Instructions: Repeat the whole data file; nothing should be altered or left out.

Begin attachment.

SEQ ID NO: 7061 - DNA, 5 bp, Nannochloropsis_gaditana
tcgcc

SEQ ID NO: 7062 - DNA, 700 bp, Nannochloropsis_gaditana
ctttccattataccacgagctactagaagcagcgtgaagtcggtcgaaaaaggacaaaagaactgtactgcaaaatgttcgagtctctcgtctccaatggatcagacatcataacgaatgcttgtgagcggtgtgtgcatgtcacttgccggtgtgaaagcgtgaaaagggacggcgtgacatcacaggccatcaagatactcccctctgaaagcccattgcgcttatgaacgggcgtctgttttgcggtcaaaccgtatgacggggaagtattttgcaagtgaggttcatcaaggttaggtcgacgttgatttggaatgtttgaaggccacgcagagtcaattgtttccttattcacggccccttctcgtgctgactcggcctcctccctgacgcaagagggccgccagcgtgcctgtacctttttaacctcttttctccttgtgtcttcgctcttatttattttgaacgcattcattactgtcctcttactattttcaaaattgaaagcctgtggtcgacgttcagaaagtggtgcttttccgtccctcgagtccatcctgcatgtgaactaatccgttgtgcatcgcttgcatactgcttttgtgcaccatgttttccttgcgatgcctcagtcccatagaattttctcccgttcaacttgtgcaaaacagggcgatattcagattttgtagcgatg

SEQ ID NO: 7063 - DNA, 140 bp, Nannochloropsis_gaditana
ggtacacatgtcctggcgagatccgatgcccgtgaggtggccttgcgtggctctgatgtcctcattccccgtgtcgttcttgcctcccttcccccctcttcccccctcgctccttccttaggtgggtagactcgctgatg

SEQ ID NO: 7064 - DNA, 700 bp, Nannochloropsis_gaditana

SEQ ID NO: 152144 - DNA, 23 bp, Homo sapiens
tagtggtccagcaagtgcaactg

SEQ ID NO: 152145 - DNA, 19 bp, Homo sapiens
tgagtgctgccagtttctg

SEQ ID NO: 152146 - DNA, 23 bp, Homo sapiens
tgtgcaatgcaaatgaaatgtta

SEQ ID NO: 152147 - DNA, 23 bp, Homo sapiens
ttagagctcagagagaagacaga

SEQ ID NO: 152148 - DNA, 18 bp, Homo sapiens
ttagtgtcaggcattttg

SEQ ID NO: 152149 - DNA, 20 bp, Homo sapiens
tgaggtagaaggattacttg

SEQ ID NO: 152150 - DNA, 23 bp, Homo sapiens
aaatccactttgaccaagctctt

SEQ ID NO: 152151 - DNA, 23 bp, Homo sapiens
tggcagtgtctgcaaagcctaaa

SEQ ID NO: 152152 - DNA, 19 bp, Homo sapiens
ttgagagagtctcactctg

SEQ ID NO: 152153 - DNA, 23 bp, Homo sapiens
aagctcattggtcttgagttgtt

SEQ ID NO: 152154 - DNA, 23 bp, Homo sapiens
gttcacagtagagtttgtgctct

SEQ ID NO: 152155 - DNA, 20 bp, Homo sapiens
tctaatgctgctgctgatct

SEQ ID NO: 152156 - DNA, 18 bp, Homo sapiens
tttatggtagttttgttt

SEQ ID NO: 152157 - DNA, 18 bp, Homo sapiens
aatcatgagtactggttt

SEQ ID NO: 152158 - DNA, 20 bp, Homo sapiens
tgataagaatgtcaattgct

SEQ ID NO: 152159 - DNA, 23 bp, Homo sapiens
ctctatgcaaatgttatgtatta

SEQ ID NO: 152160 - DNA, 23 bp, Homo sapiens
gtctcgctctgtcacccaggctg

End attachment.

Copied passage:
SEQ ID NO: 7061 - DNA, 5 bp, Nannochloropsis_gaditana
tcgcc

SEQ ID NO: 7062 - DNA, 700 bp, Nannochloropsis_gaditana
ctttccattataccacgagctactagaagcagcgtgaagtcggtcgaaaaaggacaaaagaactgtactgcaaaatgttcgagtctctcgtctccaatggatcagacatcataacgaatgcttgtgagcggtgtgtgcatgtcacttgccggtgtgaaagcgtgaaaagggacggcgtgacatcacaggccatcaagatactcccctctgaaagcccattgcgcttatgaacgggcgtctgttttgcggtcaaaccgtatgacggggaagtattttgcaagtgaggttcatcaaggttaggtcgacgttgatttggaatgtttgaaggccacgcagagtcaattgtttccttattcacggccccttctcgtgctgactcggcctcctccctgacgcaagagggccgccagcgtgcctgtacctttttaacctcttttctccttgtgtcttcgctcttatttattttgaacgcattcattactgtcctcttactattttcaaaattgaaagcctgtggtcgacgttcagaaagtggtgcttttccgtccctcgagtccatcctgcatgtgaactaatccgttgtgcatcgcttgcatactgcttttgtgcaccatgttttccttgcgatgcctcagtcccatagaattttctcccgttcaacttgtgcaaaacagggcgatattcagattttgtagcgatg

SEQ ID NO: 7063 - DNA, 140 bp, Nannochloropsis_gaditana
ggtacacatgtcctggcgagatccgatgcccgtgaggtggccttgcgtggctctgatgtcctcattccccgtgtcgttcttgcctcccttcccccctcttcccccctcgctccttccttaggtgggtagactcgctgatg

SEQ ID NO: 7064 - DNA, 700 bp, Nannochloropsis_gaditana

SEQ ID NO: 152144 - DNA, 23 bp, Homo sapiens
tagtggtccagcaagtgcaactg

SEQ ID NO: 152145 - DNA, 19 bp, Homo sapiens
tgagtgctgccagtttctg

SEQ ID NO: 152146 - DNA, 23 bp, Homo sapiens
tgtgcaatgcaaatgaaatgtta

SEQ ID NO: 152147 - DNA, 23 bp, Homo sapiens
ttagagctcagagagaagacaga

SEQ ID NO: 152148 - DNA, 18 bp, Homo sapiens
ttagtgtcaggcattttg

SEQ ID NO: 152149 - DNA, 20 bp, Homo sapiens
tgaggtagaaggattacttg

SEQ ID NO: 152150 - DNA, 23 bp, Homo sapiens
aaatccactttgaccaagctctt

SEQ ID NO: 152151 - DNA, 23 bp, Homo sapiens
tggcagtgtctgcaaagcctaaa

SEQ ID NO: 152152 - DNA, 19 bp, Homo sapiens
ttgagagagtctcactctg

SEQ ID NO: 152153 - DNA, 23 bp, Homo sapiens
aagctcattggtcttgagttgtt

SEQ ID NO: 152154 - DNA, 23 bp, Homo sapiens
gttcacagtagagtttgtgctct

SEQ ID NO: 152155 - DNA, 20 bp, Homo sapiens
tctaatgctgctgctgatct

SEQ ID NO: 152156 - DNA, 18 bp, Homo sapiens
tttatggtagttttgttt

SEQ ID NO: 152157 - DNA, 18 bp, Homo sapiens
aatcatgagtactggttt

SEQ ID NO: 152158 - DNA, 20 bp, Homo sapiens
tgataagaatgtcaattgct

SEQ ID NO: 152159 - DNA, 23 bp, Homo sapiens
ctctatgcaaatgttatgtatta

SEQ ID NO: 152160 - DNA, 23 bp, Homo sapiens
gtctcgctctgtcacccaggctg